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North Carolina RV Parks: The RV parks in North Carolina You Want to Visit!

RV parks in North Carolina are in particularly good supply where you probably need them most; in the eastern portion of the state near where it rises to meet the border with Tennessee. North Carolina RV parks are particularly important in this neck of the woods because this is Great Smoky Mountains National Park country, and the North Carolina RV parks here help support the tourists who come literally by the millions to visit this beautiful national park.

It was the national park that drew my wife and me to this part of North Carolina early in the spring -- mid-April -- in the midst of a 30,000-mile adventure that we undertook in search of our country and of ourselves. The trip is recounted in my book, In Search of America’s Heartbeat: Twelve Months on the Road. We selected a site in a nearly empty RV park in the foothills of the Smokies where we spent an enjoyable week.

The  RV park we stayed at  was:

Winngray Family Campground outside of Waynesville. It proved to be a great place to use as a base for visiting Great Smoky Mountains National Park. This RV park provided paved interior roads and 120 sites for travelers, half of them gravel and half of them grass, 50 of them pull-throughs, 100 with full hookups, the rest with water and electric. The RV park also provided cable TV, laundry room and LP gas sales. Fishing and swimming were available in-season in Jonathan Creek, which runs alongside the RV park.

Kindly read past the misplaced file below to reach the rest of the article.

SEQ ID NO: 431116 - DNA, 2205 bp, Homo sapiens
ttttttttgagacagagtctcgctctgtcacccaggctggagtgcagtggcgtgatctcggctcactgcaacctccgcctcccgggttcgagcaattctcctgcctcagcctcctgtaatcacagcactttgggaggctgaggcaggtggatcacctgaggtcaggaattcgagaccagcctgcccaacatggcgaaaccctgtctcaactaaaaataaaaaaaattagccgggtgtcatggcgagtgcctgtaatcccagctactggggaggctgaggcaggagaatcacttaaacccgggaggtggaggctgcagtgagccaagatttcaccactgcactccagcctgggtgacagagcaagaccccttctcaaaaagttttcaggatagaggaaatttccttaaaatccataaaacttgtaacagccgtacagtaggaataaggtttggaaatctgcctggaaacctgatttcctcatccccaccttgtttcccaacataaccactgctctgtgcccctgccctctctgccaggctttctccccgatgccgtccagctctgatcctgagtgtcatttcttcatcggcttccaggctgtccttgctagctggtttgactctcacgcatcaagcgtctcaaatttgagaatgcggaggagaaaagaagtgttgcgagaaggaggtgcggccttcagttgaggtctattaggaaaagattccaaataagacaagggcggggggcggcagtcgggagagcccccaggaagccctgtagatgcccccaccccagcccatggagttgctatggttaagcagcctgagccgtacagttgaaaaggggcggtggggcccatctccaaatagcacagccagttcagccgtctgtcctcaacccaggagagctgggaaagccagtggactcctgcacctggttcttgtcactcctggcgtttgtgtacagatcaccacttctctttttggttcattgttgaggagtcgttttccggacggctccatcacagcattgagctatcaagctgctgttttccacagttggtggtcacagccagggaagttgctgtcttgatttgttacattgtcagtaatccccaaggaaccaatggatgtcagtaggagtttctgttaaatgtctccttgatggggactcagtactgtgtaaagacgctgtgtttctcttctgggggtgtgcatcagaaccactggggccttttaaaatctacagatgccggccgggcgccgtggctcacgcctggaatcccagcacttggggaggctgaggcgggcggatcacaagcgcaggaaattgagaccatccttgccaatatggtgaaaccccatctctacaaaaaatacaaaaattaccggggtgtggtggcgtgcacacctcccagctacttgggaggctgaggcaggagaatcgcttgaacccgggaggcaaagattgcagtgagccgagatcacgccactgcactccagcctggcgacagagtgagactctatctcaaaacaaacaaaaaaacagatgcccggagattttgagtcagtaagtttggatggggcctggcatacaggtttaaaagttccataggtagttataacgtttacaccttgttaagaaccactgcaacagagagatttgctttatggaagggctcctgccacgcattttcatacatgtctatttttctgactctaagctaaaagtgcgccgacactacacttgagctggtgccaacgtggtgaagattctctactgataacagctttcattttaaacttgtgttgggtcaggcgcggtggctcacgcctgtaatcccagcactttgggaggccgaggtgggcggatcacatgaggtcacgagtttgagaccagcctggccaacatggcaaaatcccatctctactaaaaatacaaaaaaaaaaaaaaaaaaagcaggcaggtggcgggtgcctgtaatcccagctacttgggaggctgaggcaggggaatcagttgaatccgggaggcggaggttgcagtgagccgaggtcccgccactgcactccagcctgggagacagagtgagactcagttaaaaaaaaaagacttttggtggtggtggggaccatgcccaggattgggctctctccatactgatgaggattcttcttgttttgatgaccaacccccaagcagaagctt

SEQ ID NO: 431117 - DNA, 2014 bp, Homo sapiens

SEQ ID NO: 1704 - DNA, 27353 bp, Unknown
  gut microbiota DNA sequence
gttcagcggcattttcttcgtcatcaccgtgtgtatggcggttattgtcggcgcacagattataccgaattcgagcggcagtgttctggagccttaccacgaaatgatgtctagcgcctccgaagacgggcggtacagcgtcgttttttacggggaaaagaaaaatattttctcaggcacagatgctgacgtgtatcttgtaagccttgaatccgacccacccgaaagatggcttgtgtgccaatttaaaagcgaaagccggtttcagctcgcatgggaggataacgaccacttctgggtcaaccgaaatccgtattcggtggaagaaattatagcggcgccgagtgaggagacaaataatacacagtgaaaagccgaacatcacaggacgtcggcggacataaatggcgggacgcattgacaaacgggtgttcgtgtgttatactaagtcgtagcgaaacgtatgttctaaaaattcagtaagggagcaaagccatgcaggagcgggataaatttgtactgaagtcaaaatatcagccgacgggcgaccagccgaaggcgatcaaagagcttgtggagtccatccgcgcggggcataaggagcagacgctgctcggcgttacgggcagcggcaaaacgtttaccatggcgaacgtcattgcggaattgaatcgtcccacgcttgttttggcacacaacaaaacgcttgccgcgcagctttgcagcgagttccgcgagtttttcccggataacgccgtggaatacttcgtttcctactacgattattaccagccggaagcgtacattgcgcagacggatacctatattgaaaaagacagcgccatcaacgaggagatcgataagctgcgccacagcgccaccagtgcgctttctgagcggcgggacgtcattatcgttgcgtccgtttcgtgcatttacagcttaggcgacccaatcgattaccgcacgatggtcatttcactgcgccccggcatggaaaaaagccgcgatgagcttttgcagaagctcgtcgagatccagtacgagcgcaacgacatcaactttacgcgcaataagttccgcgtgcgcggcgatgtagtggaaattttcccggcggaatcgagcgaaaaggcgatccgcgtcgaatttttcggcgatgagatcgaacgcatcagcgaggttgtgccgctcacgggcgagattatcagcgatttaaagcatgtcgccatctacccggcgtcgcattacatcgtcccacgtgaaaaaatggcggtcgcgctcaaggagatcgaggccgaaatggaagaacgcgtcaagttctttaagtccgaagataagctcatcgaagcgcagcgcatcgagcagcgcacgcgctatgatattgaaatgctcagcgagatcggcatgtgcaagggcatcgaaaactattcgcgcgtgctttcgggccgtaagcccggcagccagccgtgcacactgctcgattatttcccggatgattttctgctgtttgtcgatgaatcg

We arrived before the tourist season really started, and the RV park was virtually empty. So was the national park, which was nice; no traffic, no crowds, no problems. Waynesville is a fascinating place. It claims to be the site of the last shot fired in the Civil War east of the Mississippi River, an event that occurred sometime after the surrender of Gen. Robert E. Lee on April 9, 1865 at Appomattox Court House in Virginia. A few miles outside of Waynesville is Cold Mountain, of Hollywood movie fame. The author of the book on which the movie was based came from these hills, and built that Civil War story on the bitter historical experience of this place.

If you’re considering exploring the Great Smokies and any North Carolina RV parks, I hope you’ve found these observations helpful. If you know of any other RV parks in North Carolina that I should add to this list, e-mail me at

To read a great book about life on the road, including my travels through some of the great RV parks of the Southeast, grab your copy of In Search of America’s Heartbeat: Twelve Months on the Road.